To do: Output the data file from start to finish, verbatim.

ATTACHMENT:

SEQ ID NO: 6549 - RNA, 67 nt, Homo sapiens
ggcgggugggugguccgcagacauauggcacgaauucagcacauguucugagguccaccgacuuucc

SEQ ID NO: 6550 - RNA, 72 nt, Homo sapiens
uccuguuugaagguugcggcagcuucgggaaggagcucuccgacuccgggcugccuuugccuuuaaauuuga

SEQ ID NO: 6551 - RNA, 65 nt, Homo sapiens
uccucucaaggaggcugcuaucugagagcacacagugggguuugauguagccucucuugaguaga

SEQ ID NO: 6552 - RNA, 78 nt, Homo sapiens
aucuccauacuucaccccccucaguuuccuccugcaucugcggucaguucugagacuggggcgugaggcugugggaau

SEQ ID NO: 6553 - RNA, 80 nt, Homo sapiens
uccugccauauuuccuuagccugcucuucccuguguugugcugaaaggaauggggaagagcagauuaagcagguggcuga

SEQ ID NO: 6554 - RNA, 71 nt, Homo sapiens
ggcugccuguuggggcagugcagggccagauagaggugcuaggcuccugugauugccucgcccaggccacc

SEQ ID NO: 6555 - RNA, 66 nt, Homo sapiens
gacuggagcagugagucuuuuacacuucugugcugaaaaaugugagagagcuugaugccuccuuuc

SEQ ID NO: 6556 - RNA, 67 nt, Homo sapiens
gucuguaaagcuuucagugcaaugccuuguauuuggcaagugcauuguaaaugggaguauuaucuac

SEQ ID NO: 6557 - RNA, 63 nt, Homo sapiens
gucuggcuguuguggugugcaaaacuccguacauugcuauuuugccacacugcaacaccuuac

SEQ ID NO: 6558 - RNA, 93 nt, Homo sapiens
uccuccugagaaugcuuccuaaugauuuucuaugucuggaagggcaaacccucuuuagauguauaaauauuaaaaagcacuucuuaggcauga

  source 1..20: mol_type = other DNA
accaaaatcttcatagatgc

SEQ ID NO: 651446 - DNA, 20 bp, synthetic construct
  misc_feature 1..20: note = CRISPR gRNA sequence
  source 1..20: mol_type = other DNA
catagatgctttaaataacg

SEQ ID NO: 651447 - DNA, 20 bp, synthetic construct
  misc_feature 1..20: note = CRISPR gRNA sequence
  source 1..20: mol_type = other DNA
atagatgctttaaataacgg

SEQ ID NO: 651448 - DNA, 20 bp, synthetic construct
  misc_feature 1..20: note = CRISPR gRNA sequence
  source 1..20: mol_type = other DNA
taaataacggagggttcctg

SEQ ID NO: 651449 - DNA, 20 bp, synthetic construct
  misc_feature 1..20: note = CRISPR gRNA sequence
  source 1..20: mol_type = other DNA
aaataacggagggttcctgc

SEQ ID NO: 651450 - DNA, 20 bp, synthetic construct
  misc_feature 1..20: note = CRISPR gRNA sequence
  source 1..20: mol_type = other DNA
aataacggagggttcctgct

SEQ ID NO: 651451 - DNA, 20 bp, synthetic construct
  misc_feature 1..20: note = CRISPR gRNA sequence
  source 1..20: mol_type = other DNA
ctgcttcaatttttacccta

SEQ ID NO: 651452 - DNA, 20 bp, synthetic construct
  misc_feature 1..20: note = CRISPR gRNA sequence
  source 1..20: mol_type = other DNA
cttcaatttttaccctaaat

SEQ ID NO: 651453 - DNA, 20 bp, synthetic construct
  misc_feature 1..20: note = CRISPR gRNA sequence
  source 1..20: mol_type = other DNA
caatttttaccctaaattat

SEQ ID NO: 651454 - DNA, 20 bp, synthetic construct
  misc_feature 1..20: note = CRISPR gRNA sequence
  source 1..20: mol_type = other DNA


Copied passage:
SEQ ID NO: 6549 - RNA, 67 nt, Homo sapiens
ggcgggugggugguccgcagacauauggcacgaauucagcacauguucugagguccaccgacuuucc

SEQ ID NO: 6550 - RNA, 72 nt, Homo sapiens
uccuguuugaagguugcggcagcuucgggaaggagcucuccgacuccgggcugccuuugccuuuaaauuuga

SEQ ID NO: 6551 - RNA, 65 nt, Homo sapiens
uccucucaaggaggcugcuaucugagagcacacagugggguuugauguagccucucuugaguaga

SEQ ID NO: 6552 - RNA, 78 nt, Homo sapiens
aucuccauacuucaccccccucaguuuccuccugcaucugcggucaguucugagacuggggcgugaggcugugggaau

SEQ ID NO: 6553 - RNA, 80 nt, Homo sapiens
uccugccauauuuccuuagccugcucuucccuguguugugcugaaaggaauggggaagagcagauuaagcagguggcuga

SEQ ID NO: 6554 - RNA, 71 nt, Homo sapiens
ggcugccuguuggggcagugcagggccagauagaggugcuaggcuccugugauugccucgcccaggccacc

SEQ ID NO: 6555 - RNA, 66 nt, Homo sapiens
gacuggagcagugagucuuuuacacuucugugcugaaaaaugugagagagcuugaugccuccuuuc

SEQ ID NO: 6556 - RNA, 67 nt, Homo sapiens
gucuguaaagcuuucagugcaaugccuuguauuuggcaagugcauuguaaaugggaguauuaucuac

SEQ ID NO: 6557 - RNA, 63 nt, Homo sapiens
gucuggcuguuguggugugcaaaacuccguacauugcuauuuugccacacugcaacaccuuac

SEQ ID NO: 6558 - RNA, 93 nt, Homo sapiens
uccuccugagaaugcuuccuaaugauuuucuaugucuggaagggcaaacccucuuuagauguauaaauauuaaaaagcacuucuuaggcauga

  source 1..20: mol_type = other DNA
accaaaatcttcatagatgc

SEQ ID NO: 651446 - DNA, 20 bp, synthetic construct
  misc_feature 1..20: note = CRISPR gRNA sequence
  source 1..20: mol_type = other DNA
catagatgctttaaataacg

SEQ ID NO: 651447 - DNA, 20 bp, synthetic construct
  misc_feature 1..20: note = CRISPR gRNA sequence
  source 1..20: mol_type = other DNA
atagatgctttaaataacgg

SEQ ID NO: 651448 - DNA, 20 bp, synthetic construct
  misc_feature 1..20: note = CRISPR gRNA sequence
  source 1..20: mol_type = other DNA
taaataacggagggttcctg

SEQ ID NO: 651449 - DNA, 20 bp, synthetic construct
  misc_feature 1..20: note = CRISPR gRNA sequence
  source 1..20: mol_type = other DNA
aaataacggagggttcctgc

SEQ ID NO: 651450 - DNA, 20 bp, synthetic construct
  misc_feature 1..20: note = CRISPR gRNA sequence
  source 1..20: mol_type = other DNA
aataacggagggttcctgct

SEQ ID NO: 651451 - DNA, 20 bp, synthetic construct
  misc_feature 1..20: note = CRISPR gRNA sequence
  source 1..20: mol_type = other DNA
ctgcttcaatttttacccta

SEQ ID NO: 651452 - DNA, 20 bp, synthetic construct
  misc_feature 1..20: note = CRISPR gRNA sequence
  source 1..20: mol_type = other DNA
cttcaatttttaccctaaat

SEQ ID NO: 651453 - DNA, 20 bp, synthetic construct
  misc_feature 1..20: note = CRISPR gRNA sequence
  source 1..20: mol_type = other DNA
caatttttaccctaaattat

SEQ ID NO: 651454 - DNA, 20 bp, synthetic construct
  misc_feature 1..20: note = CRISPR gRNA sequence
  source 1..20: mol_type = other DNA